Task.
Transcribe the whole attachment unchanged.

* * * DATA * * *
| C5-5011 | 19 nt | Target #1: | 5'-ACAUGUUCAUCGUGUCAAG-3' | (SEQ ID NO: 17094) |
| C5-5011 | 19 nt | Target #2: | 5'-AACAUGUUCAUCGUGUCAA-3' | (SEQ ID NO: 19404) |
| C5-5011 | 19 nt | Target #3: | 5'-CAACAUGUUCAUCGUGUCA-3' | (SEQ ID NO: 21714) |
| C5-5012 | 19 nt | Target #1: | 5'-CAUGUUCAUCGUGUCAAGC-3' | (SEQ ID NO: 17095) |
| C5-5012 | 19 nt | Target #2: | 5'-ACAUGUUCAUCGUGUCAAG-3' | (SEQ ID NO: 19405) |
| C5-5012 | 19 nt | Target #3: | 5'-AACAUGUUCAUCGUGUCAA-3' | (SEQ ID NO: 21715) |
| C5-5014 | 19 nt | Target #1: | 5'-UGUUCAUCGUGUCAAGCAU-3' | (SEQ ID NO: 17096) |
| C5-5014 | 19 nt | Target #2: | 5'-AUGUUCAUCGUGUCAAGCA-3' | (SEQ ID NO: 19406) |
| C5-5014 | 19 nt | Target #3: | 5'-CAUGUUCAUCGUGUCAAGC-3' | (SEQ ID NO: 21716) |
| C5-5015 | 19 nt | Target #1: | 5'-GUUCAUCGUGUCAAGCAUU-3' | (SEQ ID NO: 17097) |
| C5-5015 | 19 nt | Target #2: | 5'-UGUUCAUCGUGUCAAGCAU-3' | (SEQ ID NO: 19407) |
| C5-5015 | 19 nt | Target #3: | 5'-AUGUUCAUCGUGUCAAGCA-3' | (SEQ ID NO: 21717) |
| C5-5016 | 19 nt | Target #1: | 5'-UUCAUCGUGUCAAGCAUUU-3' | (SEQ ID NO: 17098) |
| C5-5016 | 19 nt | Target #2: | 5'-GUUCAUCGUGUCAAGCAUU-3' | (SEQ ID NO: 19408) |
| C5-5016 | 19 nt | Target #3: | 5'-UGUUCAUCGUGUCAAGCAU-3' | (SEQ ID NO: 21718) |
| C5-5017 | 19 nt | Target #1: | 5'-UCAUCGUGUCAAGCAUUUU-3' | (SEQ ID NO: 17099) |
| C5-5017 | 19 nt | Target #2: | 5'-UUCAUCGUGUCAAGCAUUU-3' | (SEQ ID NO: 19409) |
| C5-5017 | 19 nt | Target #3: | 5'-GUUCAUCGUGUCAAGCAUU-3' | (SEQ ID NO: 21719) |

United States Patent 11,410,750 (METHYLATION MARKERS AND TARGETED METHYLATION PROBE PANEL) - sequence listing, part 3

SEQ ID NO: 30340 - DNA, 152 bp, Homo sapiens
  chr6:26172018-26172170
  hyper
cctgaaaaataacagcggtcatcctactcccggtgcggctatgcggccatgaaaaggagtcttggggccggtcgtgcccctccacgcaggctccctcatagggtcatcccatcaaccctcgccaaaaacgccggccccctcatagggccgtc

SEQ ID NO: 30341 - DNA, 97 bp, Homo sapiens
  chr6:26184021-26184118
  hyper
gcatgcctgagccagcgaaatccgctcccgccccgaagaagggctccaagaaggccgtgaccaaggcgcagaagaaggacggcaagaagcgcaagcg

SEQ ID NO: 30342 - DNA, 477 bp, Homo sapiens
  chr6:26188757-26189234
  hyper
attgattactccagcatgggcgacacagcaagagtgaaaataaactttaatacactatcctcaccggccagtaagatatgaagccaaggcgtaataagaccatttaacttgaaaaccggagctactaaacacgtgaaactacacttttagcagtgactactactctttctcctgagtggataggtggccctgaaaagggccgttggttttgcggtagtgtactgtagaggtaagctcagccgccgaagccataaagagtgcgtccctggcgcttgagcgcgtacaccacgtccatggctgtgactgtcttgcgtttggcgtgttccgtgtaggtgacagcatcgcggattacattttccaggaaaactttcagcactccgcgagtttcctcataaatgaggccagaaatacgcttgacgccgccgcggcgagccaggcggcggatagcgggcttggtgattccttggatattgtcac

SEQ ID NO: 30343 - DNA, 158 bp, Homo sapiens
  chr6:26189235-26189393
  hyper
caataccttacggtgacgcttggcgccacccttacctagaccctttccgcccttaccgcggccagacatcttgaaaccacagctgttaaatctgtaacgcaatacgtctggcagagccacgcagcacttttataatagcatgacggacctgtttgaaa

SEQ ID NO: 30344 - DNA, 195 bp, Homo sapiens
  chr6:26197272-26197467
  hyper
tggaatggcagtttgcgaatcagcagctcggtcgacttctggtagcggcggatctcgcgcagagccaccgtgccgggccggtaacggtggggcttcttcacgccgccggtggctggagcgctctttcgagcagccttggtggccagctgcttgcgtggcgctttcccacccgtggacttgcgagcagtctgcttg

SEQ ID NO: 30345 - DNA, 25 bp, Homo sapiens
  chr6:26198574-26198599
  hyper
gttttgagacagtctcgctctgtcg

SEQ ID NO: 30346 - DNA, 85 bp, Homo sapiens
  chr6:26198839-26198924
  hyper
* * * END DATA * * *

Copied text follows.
| C5-5011 | 19 nt | Target #1: | 5'-ACAUGUUCAUCGUGUCAAG-3' | (SEQ ID NO: 17094) |
| C5-5011 | 19 nt | Target #2: | 5'-AACAUGUUCAUCGUGUCAA-3' | (SEQ ID NO: 19404) |
| C5-5011 | 19 nt | Target #3: | 5'-CAACAUGUUCAUCGUGUCA-3' | (SEQ ID NO: 21714) |
| C5-5012 | 19 nt | Target #1: | 5'-CAUGUUCAUCGUGUCAAGC-3' | (SEQ ID NO: 17095) |
| C5-5012 | 19 nt | Target #2: | 5'-ACAUGUUCAUCGUGUCAAG-3' | (SEQ ID NO: 19405) |
| C5-5012 | 19 nt | Target #3: | 5'-AACAUGUUCAUCGUGUCAA-3' | (SEQ ID NO: 21715) |
| C5-5014 | 19 nt | Target #1: | 5'-UGUUCAUCGUGUCAAGCAU-3' | (SEQ ID NO: 17096) |
| C5-5014 | 19 nt | Target #2: | 5'-AUGUUCAUCGUGUCAAGCA-3' | (SEQ ID NO: 19406) |
| C5-5014 | 19 nt | Target #3: | 5'-CAUGUUCAUCGUGUCAAGC-3' | (SEQ ID NO: 21716) |
| C5-5015 | 19 nt | Target #1: | 5'-GUUCAUCGUGUCAAGCAUU-3' | (SEQ ID NO: 17097) |
| C5-5015 | 19 nt | Target #2: | 5'-UGUUCAUCGUGUCAAGCAU-3' | (SEQ ID NO: 19407) |
| C5-5015 | 19 nt | Target #3: | 5'-AUGUUCAUCGUGUCAAGCA-3' | (SEQ ID NO: 21717) |
| C5-5016 | 19 nt | Target #1: | 5'-UUCAUCGUGUCAAGCAUUU-3' | (SEQ ID NO: 17098) |
| C5-5016 | 19 nt | Target #2: | 5'-GUUCAUCGUGUCAAGCAUU-3' | (SEQ ID NO: 19408) |
| C5-5016 | 19 nt | Target #3: | 5'-UGUUCAUCGUGUCAAGCAU-3' | (SEQ ID NO: 21718) |
| C5-5017 | 19 nt | Target #1: | 5'-UCAUCGUGUCAAGCAUUUU-3' | (SEQ ID NO: 17099) |
| C5-5017 | 19 nt | Target #2: | 5'-UUCAUCGUGUCAAGCAUUU-3' | (SEQ ID NO: 19409) |
| C5-5017 | 19 nt | Target #3: | 5'-GUUCAUCGUGUCAAGCAUU-3' | (SEQ ID NO: 21719) |

United States Patent 11,410,750 (METHYLATION MARKERS AND TARGETED METHYLATION PROBE PANEL) - sequence listing, part 3

SEQ ID NO: 30340 - DNA, 152 bp, Homo sapiens
  chr6:26172018-26172170
  hyper
cctgaaaaataacagcggtcatcctactcccggtgcggctatgcggccatgaaaaggagtcttggggccggtcgtgcccctccacgcaggctccctcatagggtcatcccatcaaccctcgccaaaaacgccggccccctcatagggccgtc

SEQ ID NO: 30341 - DNA, 97 bp, Homo sapiens
  chr6:26184021-26184118
  hyper
gcatgcctgagccagcgaaatccgctcccgccccgaagaagggctccaagaaggccgtgaccaaggcgcagaagaaggacggcaagaagcgcaagcg

SEQ ID NO: 30342 - DNA, 477 bp, Homo sapiens
  chr6:26188757-26189234
  hyper
attgattactccagcatgggcgacacagcaagagtgaaaataaactttaatacactatcctcaccggccagtaagatatgaagccaaggcgtaataagaccatttaacttgaaaaccggagctactaaacacgtgaaactacacttttagcagtgactactactctttctcctgagtggataggtggccctgaaaagggccgttggttttgcggtagtgtactgtagaggtaagctcagccgccgaagccataaagagtgcgtccctggcgcttgagcgcgtacaccacgtccatggctgtgactgtcttgcgtttggcgtgttccgtgtaggtgacagcatcgcggattacattttccaggaaaactttcagcactccgcgagtttcctcataaatgaggccagaaatacgcttgacgccgccgcggcgagccaggcggcggatagcgggcttggtgattccttggatattgtcac

SEQ ID NO: 30343 - DNA, 158 bp, Homo sapiens
  chr6:26189235-26189393
  hyper
caataccttacggtgacgcttggcgccacccttacctagaccctttccgcccttaccgcggccagacatcttgaaaccacagctgttaaatctgtaacgcaatacgtctggcagagccacgcagcacttttataatagcatgacggacctgtttgaaa

SEQ ID NO: 30344 - DNA, 195 bp, Homo sapiens
  chr6:26197272-26197467
  hyper
tggaatggcagtttgcgaatcagcagctcggtcgacttctggtagcggcggatctcgcgcagagccaccgtgccgggccggtaacggtggggcttcttcacgccgccggtggctggagcgctctttcgagcagccttggtggccagctgcttgcgtggcgctttcccacccgtggacttgcgagcagtctgcttg

SEQ ID NO: 30345 - DNA, 25 bp, Homo sapiens
  chr6:26198574-26198599
  hyper
gttttgagacagtctcgctctgtcg

SEQ ID NO: 30346 - DNA, 85 bp, Homo sapiens
  chr6:26198839-26198924
  hyper